It's a very scary time when you or someone you care about faces the final stage of kidney disease. The question "how long do people live on kidney dialysis?" can bring about a very sobering reality. But the answer depends upon a wide range of variables.
Those undergoing kidney dialysis treatment possess a very general, average life expectancy of four years. But many scenarios come into play with some patients enjoying a bountiful life for as long as 25 years.
"We do not yet know how long patients on dialysis will live," says the National Kidney Foundation. "We think that some dialysis patients may live as long as people without kidney failure."
However, there are more direct statistics available. Physicians estimate a patient's likelihood of survival by looking at the percentage chance of living one, two, five and 10 years after beginning treatment. This sort of formula is used among many diseases including heart disease, cancer and dialysis patients.
The National Institute of Diabetes and Digestive and Kidney Diseases reports the dialysis survival rate at close to 80 per cent through one year, 64 per cent through two years, 33 per cent after five years and 10 per cent through 10 years.
"Another important fact is that out of the 20 per cent of dialysis patients who die in the first year, 50 per cent die in the first three months. There could be a number of reasons for this such as how old the patient is, how sick they were when they started dialysis and what other problems and illnesses they have," say Andy Stein and Janet Wild in their book Kidney Dialysis and Transplants: The At Your Fingertips Guide. "People with high blood pressure or diabetes are not as likely to live 10 years on dialysis as those with either polycystic kidney disease or glomerulonephritis."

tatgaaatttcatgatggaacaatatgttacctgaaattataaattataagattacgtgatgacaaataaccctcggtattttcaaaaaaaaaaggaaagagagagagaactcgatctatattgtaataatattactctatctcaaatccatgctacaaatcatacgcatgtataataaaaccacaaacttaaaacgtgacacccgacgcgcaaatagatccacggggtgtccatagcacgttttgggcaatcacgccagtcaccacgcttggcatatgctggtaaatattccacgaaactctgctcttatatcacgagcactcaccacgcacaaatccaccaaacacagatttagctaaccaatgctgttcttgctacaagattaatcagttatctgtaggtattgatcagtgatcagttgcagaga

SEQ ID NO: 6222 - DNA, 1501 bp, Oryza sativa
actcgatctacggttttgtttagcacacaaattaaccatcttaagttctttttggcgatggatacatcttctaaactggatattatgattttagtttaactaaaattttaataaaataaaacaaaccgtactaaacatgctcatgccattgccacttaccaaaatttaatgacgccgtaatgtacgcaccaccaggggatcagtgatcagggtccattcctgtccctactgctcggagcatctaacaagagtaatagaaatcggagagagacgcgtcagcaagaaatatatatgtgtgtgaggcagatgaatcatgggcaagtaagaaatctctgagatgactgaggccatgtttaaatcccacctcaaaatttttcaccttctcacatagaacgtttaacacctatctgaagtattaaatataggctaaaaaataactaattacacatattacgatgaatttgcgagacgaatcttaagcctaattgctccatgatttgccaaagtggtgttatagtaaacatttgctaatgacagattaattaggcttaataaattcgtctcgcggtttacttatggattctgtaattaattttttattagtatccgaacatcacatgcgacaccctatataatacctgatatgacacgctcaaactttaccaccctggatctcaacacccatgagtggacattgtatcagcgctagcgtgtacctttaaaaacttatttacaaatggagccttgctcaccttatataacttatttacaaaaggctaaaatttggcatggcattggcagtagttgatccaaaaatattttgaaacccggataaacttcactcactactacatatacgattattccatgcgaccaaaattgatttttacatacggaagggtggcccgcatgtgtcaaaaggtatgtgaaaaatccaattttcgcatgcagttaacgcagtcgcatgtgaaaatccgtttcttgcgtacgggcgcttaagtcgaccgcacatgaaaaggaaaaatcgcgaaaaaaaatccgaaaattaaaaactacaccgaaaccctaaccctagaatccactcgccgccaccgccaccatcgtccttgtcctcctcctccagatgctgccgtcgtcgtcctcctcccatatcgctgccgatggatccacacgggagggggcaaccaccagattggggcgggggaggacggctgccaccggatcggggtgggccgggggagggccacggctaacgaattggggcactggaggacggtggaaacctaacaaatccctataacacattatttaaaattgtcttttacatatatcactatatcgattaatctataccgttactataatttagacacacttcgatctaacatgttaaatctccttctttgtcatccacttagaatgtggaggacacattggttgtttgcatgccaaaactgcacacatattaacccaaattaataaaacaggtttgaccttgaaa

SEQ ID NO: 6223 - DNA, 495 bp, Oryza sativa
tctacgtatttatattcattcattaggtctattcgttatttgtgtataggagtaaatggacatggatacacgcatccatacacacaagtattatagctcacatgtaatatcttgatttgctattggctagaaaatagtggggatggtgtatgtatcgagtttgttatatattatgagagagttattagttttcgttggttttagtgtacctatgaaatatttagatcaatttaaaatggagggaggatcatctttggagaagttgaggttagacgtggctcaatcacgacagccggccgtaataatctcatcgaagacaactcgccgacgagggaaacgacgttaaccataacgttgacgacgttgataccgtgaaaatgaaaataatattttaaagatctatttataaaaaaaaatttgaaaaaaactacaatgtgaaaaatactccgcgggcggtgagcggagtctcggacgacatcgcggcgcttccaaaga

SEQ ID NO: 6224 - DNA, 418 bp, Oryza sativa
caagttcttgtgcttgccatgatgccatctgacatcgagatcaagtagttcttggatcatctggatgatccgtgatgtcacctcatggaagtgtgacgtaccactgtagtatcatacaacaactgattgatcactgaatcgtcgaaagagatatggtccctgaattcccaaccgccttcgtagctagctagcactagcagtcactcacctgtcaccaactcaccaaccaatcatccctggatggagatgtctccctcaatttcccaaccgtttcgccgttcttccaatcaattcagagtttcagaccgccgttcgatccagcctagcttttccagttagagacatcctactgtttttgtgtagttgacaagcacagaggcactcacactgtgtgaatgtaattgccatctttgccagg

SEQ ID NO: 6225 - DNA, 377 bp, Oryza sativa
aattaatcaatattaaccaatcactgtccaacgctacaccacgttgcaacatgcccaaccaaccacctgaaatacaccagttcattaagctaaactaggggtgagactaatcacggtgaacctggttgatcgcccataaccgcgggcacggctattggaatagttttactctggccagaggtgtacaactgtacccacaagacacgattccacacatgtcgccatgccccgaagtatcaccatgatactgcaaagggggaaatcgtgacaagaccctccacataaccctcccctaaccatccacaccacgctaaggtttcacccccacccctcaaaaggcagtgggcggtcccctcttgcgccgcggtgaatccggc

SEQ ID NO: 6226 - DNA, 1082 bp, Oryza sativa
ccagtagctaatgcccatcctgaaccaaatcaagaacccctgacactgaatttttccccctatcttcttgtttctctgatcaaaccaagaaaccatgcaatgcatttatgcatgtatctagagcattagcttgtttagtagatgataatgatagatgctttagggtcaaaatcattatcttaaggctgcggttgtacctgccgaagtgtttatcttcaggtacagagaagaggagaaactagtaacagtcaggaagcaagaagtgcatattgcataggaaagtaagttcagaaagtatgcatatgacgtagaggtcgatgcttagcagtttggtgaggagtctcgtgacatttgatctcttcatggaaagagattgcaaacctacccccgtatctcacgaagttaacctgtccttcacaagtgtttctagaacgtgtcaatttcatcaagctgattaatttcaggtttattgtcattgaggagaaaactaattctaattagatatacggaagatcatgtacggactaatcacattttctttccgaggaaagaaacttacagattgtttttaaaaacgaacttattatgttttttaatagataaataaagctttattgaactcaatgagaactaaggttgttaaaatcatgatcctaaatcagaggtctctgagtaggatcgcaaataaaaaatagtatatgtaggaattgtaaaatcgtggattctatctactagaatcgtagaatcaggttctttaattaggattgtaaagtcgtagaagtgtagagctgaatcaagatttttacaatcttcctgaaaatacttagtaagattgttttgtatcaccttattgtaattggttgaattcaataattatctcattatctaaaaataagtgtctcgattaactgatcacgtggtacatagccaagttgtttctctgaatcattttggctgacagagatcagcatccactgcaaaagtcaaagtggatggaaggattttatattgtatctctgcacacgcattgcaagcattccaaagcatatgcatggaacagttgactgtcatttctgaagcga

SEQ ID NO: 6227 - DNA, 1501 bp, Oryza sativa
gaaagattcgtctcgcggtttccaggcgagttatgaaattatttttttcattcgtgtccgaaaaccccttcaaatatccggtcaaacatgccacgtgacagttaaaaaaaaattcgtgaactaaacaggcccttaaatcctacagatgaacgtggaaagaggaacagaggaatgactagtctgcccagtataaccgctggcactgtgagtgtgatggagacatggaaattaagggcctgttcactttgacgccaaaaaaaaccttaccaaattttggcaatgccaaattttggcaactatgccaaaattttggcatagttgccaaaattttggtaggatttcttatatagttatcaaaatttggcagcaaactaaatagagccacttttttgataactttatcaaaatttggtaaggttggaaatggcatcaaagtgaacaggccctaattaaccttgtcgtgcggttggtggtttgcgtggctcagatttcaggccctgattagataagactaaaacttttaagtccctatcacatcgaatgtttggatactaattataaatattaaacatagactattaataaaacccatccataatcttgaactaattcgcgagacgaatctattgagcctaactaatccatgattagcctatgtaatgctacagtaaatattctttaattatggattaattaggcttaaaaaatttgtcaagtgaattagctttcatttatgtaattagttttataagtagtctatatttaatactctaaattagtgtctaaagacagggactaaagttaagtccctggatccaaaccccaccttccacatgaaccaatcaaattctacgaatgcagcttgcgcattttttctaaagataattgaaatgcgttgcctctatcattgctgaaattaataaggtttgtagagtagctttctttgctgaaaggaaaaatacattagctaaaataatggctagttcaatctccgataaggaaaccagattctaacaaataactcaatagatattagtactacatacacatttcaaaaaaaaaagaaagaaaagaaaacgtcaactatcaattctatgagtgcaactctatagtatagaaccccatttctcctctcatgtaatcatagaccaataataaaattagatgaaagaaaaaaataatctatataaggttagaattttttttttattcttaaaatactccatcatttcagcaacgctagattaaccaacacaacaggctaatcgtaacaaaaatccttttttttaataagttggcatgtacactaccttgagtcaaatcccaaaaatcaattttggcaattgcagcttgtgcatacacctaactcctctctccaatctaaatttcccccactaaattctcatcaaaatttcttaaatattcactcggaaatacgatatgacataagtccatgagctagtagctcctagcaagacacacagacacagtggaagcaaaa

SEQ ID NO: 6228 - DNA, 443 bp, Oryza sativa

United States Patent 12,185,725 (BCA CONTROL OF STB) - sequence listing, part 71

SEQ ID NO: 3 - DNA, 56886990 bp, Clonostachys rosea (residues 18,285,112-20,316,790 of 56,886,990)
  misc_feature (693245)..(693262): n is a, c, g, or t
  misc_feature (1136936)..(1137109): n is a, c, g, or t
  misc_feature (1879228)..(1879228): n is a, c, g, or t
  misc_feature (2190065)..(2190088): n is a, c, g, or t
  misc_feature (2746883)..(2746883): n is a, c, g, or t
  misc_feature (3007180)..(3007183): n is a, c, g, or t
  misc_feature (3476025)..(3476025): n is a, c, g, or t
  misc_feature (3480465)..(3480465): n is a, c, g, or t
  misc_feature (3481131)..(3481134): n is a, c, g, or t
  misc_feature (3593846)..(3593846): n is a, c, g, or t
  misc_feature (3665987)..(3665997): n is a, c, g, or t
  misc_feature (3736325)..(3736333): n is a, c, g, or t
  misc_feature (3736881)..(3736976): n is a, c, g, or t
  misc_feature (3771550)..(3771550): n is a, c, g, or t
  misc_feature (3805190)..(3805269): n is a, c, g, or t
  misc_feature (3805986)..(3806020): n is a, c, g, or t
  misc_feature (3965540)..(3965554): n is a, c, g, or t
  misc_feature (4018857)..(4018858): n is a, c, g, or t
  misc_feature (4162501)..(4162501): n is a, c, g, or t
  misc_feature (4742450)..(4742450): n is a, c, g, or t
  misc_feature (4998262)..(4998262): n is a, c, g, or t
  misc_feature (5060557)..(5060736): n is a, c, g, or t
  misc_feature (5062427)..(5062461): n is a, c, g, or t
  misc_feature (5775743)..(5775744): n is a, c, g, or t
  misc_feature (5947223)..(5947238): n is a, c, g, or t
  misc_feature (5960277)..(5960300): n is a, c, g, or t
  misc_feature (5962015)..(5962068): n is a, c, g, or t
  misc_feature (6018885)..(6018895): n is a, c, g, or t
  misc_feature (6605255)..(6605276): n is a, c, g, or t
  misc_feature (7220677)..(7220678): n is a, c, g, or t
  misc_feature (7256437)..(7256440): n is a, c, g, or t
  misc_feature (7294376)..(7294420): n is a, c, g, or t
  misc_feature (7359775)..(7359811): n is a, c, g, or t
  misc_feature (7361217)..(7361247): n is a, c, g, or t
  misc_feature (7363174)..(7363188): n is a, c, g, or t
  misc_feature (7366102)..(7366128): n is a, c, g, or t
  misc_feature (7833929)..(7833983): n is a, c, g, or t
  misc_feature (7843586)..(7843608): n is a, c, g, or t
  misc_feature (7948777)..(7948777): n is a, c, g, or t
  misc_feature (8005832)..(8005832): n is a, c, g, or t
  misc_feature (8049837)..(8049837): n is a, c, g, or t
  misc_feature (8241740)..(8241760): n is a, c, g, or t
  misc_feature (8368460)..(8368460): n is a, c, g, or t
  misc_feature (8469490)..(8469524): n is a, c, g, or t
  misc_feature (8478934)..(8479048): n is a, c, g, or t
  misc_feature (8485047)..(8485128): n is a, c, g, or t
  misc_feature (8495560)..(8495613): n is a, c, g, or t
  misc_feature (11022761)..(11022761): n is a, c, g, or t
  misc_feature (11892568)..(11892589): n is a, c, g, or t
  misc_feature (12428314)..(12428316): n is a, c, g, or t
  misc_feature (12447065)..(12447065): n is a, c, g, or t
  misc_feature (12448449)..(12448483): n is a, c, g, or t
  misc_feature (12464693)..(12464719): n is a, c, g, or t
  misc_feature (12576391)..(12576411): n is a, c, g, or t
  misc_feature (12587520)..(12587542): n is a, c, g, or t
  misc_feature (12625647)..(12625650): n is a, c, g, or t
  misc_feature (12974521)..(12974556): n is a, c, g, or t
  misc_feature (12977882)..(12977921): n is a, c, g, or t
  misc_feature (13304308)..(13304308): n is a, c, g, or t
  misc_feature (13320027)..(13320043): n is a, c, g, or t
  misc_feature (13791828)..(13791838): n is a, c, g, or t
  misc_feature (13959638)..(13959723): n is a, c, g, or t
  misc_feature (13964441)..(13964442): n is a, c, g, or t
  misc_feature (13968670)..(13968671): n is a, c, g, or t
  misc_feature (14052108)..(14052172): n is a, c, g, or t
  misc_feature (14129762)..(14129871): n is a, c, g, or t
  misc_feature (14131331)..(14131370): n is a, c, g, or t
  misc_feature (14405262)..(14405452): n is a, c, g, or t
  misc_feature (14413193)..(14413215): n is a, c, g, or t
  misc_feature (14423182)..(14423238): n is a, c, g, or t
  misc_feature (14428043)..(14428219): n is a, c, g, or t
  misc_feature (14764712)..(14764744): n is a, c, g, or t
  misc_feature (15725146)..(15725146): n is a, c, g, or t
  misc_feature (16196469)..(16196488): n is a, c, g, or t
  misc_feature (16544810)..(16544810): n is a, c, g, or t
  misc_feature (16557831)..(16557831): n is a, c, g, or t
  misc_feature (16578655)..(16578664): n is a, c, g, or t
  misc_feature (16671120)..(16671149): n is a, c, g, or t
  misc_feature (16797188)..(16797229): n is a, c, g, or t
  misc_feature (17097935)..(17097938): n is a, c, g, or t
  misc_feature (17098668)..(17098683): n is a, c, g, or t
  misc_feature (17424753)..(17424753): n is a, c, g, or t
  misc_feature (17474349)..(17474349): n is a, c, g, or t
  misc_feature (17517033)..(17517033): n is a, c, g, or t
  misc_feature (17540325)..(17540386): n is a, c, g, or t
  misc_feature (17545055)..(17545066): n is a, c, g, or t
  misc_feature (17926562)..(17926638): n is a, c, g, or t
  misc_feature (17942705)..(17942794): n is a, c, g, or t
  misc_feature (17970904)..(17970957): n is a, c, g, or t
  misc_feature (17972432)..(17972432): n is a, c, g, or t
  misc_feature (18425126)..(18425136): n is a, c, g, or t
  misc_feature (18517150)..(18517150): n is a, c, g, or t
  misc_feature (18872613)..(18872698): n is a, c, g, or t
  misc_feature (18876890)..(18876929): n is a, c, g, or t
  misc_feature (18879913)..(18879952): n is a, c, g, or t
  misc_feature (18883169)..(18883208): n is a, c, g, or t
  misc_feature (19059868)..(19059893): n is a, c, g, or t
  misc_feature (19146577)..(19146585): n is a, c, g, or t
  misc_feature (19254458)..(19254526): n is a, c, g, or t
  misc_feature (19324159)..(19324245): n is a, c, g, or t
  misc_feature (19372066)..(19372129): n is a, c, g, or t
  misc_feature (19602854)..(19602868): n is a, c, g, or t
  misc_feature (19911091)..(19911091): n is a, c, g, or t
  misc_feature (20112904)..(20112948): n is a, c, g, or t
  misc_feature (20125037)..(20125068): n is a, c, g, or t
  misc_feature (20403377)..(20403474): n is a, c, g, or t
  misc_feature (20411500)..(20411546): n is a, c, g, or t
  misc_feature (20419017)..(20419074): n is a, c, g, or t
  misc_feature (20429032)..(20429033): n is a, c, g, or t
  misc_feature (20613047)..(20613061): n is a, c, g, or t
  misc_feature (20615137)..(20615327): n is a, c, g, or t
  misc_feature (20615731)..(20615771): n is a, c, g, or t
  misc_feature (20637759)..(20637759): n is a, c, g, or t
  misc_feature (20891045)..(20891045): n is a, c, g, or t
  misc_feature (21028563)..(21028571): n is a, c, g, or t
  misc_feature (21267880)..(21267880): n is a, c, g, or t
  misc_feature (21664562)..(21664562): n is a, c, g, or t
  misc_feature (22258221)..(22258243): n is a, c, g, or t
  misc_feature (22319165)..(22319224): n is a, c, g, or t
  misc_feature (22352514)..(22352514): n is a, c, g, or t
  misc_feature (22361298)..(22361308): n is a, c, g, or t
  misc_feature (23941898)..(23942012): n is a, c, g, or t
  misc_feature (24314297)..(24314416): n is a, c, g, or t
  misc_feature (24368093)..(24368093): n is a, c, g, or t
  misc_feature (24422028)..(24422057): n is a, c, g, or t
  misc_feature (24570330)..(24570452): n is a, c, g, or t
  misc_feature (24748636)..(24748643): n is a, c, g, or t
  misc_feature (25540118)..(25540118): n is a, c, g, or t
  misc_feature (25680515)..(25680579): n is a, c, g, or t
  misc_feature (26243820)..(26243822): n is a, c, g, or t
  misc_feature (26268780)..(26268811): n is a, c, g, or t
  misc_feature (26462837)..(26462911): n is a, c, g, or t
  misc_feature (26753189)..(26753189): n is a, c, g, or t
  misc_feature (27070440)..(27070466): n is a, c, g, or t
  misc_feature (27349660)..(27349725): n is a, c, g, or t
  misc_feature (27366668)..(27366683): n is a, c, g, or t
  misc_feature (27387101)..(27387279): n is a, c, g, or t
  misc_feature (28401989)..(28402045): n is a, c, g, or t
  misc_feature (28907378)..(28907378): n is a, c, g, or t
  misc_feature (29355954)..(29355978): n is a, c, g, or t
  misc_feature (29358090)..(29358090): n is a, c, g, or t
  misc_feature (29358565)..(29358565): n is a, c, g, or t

Indeed, the cause of the kidney failure plays a huge role in the survival rate for those on dialysis.
Polycystic kidney disease: 94 per cent survival through year one, 70 per cent through year five and 42 per cent after 10 years.
Glomerulonephritis: 88 per cent survival through year one, 58 through year five and 37 per cent after 10 years.
Obstructive Nephropathy: 82 per cent through year one, 46 per cent through year five and 21 per cent after 10 years.
Unknown: Seventy-six per cent through year one, forty-one per cent through year five and nineteen per cent after ten years.
High Blood Pressure: 77 per cent through year one, 33 per cent through year five and 14 after 10 years.
Diabetes: 71 per cent through year one, 29 per cent through year five and 11 per cent after 10 years.
As one would expect, younger people survive longer on dialysis than older patients. Eighty-eight per cent of those under the age of 20 will live through five years of dialysis. Seventy-one per cent of patients between 20 and 44 years old will survive through five years, 44 per cent of those between 45 and 64 will live through five years of treatment, and just 21 per cent of dialysis patients between 65 and 74 years of age will survive through five years. The number drops to 10 per cent for those over 74 years-old.